My first memory of role playing games is a dim and confused afternoon, in the after-school day care, when I was eight years old. The big kids had gotten a new game out of the boardgame cupboard, and had laid out a complex-looking game board, blue and white with little squares everywhere, and little metal game pieces carefully positioned around the board. I had no idea what I was looking at, and when I worked up the courage to ask one of the big kids what it was, he said, ‘Dungeons and Dragons.’
I was playing — or trying to play, with what few opportunities I could muster at age 9 — from then onwards, with very little comprehension of the rules, the goal of the game, the format, the source material, or any of what makes D&D actually work as a game. I read and re-read the example of play in my increasingly battered Moldvay edition of the Basic book. I had this sense of what a role playing game should be, and could be, and I wanted to make that happen somehow, with no real friends and no opportunities to play with interested strangers.
In those early days, a role playing game was an attempt to simulate the world. Your destiny was largely in your hands, and your adventures were the natural result of whatever action you happened to take. That map I saw the big kids (incorrectly) using as a game-board was the Caves of Chaos, from the Keep On The Borderland game supplement. The Caves were just a place, which happened to be full of monsters and loot. You could find them and go there, or you could go to a different cave system, or you could go somewhere else and do something else. Take over the keep. Set up your own competing keep. Conquer the region. “I want to try X,” you’d say, and if X was something your character might reasonably be able to do, your gamemaster would let you know the results. Your ultimate goals? Whatever you wanted them to be. Amass wealth. Conquer the world. Open a school. Build a castle.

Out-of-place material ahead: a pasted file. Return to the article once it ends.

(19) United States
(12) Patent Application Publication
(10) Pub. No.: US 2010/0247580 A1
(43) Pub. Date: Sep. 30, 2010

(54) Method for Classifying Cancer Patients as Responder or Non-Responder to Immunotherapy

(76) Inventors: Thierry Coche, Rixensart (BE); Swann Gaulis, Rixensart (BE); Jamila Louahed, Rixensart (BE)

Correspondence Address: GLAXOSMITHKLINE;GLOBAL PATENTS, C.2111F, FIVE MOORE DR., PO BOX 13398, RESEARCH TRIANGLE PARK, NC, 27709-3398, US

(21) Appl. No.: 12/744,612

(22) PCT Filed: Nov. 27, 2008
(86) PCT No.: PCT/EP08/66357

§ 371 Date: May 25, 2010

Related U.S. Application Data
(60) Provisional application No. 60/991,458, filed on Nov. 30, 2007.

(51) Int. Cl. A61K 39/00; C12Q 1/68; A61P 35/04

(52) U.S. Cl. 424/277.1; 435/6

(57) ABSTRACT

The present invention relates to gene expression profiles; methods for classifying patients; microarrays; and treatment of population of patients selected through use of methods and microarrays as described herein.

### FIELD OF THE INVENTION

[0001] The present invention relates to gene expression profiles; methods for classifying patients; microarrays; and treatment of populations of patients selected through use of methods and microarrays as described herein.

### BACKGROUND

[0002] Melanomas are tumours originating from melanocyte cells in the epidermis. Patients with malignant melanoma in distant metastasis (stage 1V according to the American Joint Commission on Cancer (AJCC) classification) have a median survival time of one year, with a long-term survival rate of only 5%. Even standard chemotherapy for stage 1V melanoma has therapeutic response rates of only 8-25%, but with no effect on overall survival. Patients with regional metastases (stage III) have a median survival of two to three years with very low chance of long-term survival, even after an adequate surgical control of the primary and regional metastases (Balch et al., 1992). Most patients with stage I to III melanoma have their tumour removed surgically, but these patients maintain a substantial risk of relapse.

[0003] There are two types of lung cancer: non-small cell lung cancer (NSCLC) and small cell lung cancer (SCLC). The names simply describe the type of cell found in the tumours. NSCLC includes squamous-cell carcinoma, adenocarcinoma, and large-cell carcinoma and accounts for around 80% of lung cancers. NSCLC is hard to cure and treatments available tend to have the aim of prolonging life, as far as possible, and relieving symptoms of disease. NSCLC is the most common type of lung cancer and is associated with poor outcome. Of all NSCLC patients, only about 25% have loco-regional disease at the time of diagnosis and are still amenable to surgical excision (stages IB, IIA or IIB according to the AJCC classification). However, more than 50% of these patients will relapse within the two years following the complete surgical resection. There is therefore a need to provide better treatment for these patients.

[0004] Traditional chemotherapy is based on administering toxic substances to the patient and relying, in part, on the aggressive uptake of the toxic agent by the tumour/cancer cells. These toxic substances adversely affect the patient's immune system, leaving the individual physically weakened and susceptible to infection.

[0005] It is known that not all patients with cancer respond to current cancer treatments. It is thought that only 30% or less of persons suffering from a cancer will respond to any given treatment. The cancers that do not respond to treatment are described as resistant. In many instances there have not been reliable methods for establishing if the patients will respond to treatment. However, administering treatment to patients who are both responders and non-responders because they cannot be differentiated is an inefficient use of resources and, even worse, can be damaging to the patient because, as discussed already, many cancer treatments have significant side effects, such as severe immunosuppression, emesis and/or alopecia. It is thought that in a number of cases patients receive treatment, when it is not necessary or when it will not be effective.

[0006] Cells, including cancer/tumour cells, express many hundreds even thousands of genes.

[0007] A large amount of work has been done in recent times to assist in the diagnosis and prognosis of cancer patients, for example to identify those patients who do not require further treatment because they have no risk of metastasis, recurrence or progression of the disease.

Story, in the sense we now think of it, was a much later addition to the genre. I’ve seen arguments that place its birth in the work of Weis and Hickman, in Ravenloft and Dragonlance. In the new ‘story style’ of role playing game, the first thing you learn is your ultimate goal. Defeat the vampire lord. Recover the magic weapon to save the kingdom. Find the treasure, but not to keep it or use it yourself for your own ends; instead, return the treasure to the Queen so she can use it to protect her land from the Evil Darkness.